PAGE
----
Follow TV Tropes


Film / Every Time We Say Goodbye

Go To

Every Time We Say Goodbye is an obscure 1986 Israeli-American romantic war drama starring Tom Hanks and Cristina Marsillach. Tom Hanks plays David Bradley, an American RAF pilot stationed in Mandatory Jerusalem note  during World War II. His plane gets shot down somewhere in North Africa, and as a result he gets injured. He stays at a hospital in Jerusalem, Israel to recover from his leg injury. After his broken leg is healed, he realizes he only has three days left before returning to Egypt, so he decides to take advantage of the short time he has in Jerusalem. While he's there, he meets and falls in love with Sarah (Cristina Marsillach), a beautiful, shy Israeli woman of Sephardic Jewish ancestry. Only one problem: David is not Jewish (his father is a Protestant minister!), and Sarah’s family will do everything in their power to prevent their daughter from seeing David.


Basically, it’s Romeo and Juliet with yarmulkes.

The film was a Box Office Bomb, making only $278,623 (to this day, it remains Hanks’ lowest grossing theatrically released film, according to Box Office Mojo). Reviews of the film were lukewarm at best, and the film had a limited release in theaters.

This film exhibits the following tropes:

  • All Jews Are Ashkenazi: Inverted in that ironically, some of the “Sephardic” Jewish characters such as Nessim, Victoria, and Sarah’s parents are played by Israeli actors of Ashkenazi Jewish descent.
  • Beta Couple: Peter and Victoria
  • Comically Missing the Point: When David learns that Sarah is of Spanish descent and that her ancestors immigrated from Spain to Israel 400 years ago, he automatically assumes they must have had terrific memories there, to which Sarah awkwardly answers "yes".note 

    David: Your family came from Spain?
    Sarah: Yes.
    David: Recently?
    Sarah: About 400 years ago.
    David: I see. They must have some terrific memories.
    Sarah: (awkwardly) Yes.

  • Advertisement:
  • Dating What Daddy Hates: Averted at first in that Sarah’s father shows more compassion and understanding of Sarah’s relationship with David than her mother does, but then it’s played straight as he makes it clear to Sarah that if she were to marry David, then he would disown her.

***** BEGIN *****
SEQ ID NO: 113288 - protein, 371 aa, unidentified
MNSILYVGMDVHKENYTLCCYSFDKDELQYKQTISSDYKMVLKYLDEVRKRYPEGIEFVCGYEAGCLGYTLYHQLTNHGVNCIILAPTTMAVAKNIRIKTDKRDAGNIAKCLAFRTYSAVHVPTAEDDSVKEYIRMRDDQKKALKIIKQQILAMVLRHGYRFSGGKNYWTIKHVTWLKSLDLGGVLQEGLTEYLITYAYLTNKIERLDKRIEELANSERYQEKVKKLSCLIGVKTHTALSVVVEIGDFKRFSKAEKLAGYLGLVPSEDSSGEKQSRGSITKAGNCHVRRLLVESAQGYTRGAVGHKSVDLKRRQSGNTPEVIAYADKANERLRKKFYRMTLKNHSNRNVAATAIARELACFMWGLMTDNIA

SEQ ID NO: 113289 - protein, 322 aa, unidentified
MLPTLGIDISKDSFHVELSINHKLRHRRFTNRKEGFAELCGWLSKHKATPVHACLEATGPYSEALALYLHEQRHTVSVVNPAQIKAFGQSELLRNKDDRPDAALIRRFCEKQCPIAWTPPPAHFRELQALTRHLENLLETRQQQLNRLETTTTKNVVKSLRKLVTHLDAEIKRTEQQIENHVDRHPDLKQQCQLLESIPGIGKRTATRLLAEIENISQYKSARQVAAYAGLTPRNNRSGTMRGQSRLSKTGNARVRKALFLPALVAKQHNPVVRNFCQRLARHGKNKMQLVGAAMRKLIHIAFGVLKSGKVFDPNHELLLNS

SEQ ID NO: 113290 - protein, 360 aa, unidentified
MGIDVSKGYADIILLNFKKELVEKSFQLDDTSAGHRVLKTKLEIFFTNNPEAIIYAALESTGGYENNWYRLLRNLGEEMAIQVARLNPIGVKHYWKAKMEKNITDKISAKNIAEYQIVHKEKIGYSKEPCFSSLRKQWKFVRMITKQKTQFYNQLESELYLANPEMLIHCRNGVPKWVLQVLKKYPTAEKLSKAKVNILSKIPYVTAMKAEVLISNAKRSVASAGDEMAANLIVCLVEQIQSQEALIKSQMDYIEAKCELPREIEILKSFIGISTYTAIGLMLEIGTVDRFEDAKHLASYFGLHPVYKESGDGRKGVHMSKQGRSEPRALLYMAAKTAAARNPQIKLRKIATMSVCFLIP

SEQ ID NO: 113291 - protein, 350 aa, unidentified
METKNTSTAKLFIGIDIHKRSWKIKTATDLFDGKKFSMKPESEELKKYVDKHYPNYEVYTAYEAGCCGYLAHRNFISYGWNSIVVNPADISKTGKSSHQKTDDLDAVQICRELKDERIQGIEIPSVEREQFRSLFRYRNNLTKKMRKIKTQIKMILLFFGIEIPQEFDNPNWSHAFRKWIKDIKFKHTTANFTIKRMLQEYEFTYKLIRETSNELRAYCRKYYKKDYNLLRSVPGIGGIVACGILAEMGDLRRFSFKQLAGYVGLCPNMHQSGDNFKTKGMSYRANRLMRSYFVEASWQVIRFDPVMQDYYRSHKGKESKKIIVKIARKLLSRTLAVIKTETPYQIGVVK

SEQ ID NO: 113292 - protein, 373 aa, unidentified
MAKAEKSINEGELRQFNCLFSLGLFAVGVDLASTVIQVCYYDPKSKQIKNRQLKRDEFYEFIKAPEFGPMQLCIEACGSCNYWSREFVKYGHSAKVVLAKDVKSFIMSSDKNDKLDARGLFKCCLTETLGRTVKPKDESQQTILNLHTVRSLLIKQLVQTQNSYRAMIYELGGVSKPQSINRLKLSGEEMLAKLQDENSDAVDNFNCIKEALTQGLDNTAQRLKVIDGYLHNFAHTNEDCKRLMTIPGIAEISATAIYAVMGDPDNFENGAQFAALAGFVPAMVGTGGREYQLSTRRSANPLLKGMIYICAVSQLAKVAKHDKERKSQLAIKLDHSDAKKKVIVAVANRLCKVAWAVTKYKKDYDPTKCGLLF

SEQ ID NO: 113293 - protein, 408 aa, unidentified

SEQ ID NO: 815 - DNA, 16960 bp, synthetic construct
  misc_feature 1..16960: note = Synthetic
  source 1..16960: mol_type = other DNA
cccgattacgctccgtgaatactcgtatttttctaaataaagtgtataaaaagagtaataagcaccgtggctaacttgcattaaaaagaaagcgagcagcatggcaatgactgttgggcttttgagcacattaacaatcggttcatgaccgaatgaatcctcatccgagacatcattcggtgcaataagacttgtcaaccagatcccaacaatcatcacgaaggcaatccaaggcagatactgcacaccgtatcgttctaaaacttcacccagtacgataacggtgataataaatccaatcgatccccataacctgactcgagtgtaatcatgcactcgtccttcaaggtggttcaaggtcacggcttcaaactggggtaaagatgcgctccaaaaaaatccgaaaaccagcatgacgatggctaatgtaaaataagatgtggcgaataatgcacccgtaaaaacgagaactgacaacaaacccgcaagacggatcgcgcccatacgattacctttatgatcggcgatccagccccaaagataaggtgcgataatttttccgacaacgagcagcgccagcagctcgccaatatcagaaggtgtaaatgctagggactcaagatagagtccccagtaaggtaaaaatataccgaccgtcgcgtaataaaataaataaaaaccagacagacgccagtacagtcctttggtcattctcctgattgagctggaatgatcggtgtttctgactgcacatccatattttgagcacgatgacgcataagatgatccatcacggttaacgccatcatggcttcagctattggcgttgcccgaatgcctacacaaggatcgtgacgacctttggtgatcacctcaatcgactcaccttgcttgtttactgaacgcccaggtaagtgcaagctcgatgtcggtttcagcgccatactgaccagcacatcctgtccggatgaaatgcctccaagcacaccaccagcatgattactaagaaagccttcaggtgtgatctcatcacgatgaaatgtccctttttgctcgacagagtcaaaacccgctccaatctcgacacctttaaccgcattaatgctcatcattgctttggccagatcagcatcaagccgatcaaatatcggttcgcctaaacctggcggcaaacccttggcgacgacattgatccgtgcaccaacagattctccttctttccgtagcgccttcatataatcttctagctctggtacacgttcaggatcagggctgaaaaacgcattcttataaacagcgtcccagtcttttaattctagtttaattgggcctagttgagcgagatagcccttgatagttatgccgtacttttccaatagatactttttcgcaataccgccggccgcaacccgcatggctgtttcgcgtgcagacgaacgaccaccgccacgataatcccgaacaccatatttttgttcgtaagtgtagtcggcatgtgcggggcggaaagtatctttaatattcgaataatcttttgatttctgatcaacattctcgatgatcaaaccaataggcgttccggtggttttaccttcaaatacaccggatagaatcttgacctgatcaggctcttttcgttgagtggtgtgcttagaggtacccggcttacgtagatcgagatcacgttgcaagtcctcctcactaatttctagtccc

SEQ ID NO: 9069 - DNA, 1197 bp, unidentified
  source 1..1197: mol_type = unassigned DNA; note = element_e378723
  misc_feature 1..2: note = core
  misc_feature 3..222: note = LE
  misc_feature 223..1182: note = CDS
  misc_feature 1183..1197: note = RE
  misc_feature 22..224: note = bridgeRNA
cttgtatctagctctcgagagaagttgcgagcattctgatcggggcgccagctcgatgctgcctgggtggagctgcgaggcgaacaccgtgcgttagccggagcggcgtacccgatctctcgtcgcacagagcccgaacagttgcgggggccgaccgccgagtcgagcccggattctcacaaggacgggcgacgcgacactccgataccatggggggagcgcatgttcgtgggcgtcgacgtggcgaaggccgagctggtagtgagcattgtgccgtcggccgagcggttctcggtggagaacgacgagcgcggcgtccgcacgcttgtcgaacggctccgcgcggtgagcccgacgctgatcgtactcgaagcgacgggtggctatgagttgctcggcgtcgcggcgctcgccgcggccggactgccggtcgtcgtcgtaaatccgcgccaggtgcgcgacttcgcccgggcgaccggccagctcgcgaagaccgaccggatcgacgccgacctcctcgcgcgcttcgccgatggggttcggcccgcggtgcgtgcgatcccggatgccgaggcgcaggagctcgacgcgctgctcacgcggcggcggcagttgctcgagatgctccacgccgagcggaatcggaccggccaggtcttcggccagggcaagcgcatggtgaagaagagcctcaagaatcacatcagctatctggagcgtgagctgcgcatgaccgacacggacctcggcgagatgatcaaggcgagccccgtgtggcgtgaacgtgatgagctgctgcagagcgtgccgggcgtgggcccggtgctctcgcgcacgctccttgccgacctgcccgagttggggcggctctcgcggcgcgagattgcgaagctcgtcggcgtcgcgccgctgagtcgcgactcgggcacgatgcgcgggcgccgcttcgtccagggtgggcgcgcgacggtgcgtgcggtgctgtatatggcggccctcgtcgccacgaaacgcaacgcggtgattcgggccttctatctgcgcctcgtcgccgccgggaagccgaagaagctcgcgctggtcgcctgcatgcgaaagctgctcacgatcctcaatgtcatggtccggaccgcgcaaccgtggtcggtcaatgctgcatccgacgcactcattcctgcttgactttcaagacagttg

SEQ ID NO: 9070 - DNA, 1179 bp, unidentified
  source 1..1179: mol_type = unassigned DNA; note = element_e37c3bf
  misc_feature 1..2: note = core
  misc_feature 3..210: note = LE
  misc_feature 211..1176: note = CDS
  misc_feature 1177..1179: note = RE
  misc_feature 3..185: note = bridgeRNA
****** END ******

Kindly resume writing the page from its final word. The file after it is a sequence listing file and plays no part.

• Fanservice: After Sarah and David have sex (albeit off-screen), there is a visible shot of Sarah’s breasts (for more than a few seconds) as she is lying on the bed.

  • I Have No Son!: Sarah’s father tells Sarah that if she marries David, or at least chooses David over Nessim, she’ll be disowned by him and the rest of her family. Also, according to Peter, Victoria’s family regards her as a “pariah” because of her marriage to him.

    • Invoked in Virgin Tension, in which Sarah’s mom angrily tells her, “You’re no longer my daughter! You’re dead!”

  • Matzo Fever: Both David and Peter are in love with Jewish women (David falls for Sarah, and Peter falls for Victoria)
  • My Beloved Smother: After Sarah’s mom finds out about Sarah going into David’s hotel room and thus becoming “impure”, she does everything in her power to prevent David and Sarah from seeing each other, whether it would be taking away all of Sarah’s clothes from her closet (leaving only her undergarments), so she couldn’t leave the house naked, or stopping David from entering her house to deliver the letter to Sarah, which Sarah’s mom rips into pieces by the way.
  • Nice Jewish Boy: Nessim, Sarah’s cousin. He seems nice, sweet, and interested in taking care of Sarah if she marries him.
  • Slut-Shaming: When Sarah’s mom finds out that Sarah loves David (a Gentile, mind you!) and had “sex” with him in his hotel room note , she immediately calls her own daughter “a whore”.
  • Unkempt Beauty: Lampshaded by David. Despite Sarah having entered his hotel room barefoot, wearing plain clothes, and having messy hair, he stills finds her pretty; in fact, he’s even frustrated that Sarah is incapable of looking terrible.
    (David is shocked to see Sarah with messy hair, bare feet and in a white blouse and black skirt)
    Sarah: They took my clothes.
    David: (surprised) You walked here like that?
    Sarah: I had to see you one last time. I must look -
    David: (happily) Adorable! Damn, why can’t you look terrible? I’ve been out walking the streets trying to convince myself I wasn’t in love with you. And I come back here, and you’re barefoot, and you’re adorable.

  • Virgin Tension: When Sarah’s mom finds out that Sarah was in David’s hotel room, she asks if Sarah is still “pure”, and when Sarah says she loves him, her mother takes that as an indication that she had sex with him (even though Sarah and David merely kissed). Naturally, Sarah’s mom is upset, and proceeds to slut-shame her. It also doesn’t help that Sarah is in love with a Gentile, which goes against her family’s religious beliefs.
    • The horrible irony would be that Sarah eventually has sex with David anyway in his hotel room.